London Culture on a Student Budget
Georgie Coupe takes us on a tour of London’s cultural activities on a student budget. This week, she explores the Barbican’s new Rain Room
My weekly cultural suggestion is aimed to inspire UCL students to break the usual routine of moonies-lectures-roxy-lectures etc. and see something cultural. All suggestions, will be fun, fascinating and most importantly, free! This week, I went to explore the much anticipated Rain Room at the Barbican.
The work of Random International has always involved audience interaction and this installation at the Barbican is no exception. The focus of light on the one hundred metre squared downpour of rain and the carefully crafted positioning in the otherwise dark room creates a beautiful spectacle in it’s own right but the interactive nature of this project is what makes it so unusual. Visitors make their way down the dark passage to find a perfect square of rainfall with additional sounds of water in the Barbican’s Curve room. Visitors are to test their confidence in the technology developed by Random International and walk through the downpour of water in any direction trusting that the cameras will sense their presence. Ensuring that the technology works no one gets wet! The 3D cameras and sensors detect movement to stop the rain in a sort of cylindrical shape around your body as if it is giving off a sort of magnetic field against the water. The experience is baffling!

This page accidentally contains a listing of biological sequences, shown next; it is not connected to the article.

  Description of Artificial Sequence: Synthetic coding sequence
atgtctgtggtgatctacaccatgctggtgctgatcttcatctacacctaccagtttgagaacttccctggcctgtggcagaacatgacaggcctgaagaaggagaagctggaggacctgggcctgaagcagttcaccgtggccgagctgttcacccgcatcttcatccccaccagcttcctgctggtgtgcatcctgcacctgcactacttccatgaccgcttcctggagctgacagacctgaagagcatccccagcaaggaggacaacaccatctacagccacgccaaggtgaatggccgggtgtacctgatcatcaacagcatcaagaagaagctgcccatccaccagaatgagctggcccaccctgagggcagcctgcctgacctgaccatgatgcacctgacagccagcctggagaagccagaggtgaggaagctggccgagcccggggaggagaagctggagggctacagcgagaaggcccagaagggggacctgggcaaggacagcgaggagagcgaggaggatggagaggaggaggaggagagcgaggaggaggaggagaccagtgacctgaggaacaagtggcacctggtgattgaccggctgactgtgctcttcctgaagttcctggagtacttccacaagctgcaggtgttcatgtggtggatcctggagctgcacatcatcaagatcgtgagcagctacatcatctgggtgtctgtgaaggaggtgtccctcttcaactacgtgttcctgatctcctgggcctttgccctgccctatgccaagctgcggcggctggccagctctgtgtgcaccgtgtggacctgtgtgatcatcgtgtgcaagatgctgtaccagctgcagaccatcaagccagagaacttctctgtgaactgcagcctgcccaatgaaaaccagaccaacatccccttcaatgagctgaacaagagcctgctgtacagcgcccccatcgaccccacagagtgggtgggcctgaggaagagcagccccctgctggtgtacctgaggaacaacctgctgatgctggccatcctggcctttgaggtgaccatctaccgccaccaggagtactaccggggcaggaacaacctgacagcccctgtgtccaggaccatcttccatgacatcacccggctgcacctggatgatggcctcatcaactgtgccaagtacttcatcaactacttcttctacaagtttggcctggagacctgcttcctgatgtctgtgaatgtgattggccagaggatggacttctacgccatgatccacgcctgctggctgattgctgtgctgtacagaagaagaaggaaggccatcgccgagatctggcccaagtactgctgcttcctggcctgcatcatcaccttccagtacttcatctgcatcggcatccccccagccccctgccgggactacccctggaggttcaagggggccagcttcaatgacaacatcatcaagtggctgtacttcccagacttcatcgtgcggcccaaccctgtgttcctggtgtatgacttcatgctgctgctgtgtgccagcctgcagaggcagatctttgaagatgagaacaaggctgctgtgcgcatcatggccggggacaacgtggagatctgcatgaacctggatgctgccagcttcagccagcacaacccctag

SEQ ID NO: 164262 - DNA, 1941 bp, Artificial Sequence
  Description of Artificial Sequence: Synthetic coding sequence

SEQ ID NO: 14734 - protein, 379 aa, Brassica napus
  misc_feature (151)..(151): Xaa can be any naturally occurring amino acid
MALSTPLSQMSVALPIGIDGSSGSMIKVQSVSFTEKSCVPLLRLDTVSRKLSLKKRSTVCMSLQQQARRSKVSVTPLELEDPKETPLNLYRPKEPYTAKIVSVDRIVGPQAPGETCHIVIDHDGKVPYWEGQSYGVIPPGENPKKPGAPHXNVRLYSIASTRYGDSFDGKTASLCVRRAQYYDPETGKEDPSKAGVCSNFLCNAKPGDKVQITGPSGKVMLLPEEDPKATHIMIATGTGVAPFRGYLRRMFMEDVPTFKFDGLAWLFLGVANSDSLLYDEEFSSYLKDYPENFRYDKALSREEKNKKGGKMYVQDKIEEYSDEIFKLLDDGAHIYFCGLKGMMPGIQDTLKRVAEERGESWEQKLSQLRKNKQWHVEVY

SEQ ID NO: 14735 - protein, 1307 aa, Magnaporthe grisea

This installation certainly challenges our trust in technology. Random International’s desire to change the focus from the object to the experience is evident in this project as audience participation is essential to communicate the installation’s exploration of human behavior towards new technology. The Rainroom also delves into human and science’s control over their surroundings creating an inquiry into the effects our behavior has on the space around us. In the past Random International’s work, such as the much acclaimed Audience (2008) has used interaction to highlight the relationship between new scientific developments and people. A highly enjoyable and exciting experience, I would recommend the rain room to everyone whether an art fanatic or not.
Note: It can get very busy at peak times, avoid the crowds by going during a weekday.
Nearest underground: Barbican
4th October 2012 – 3rd March 2013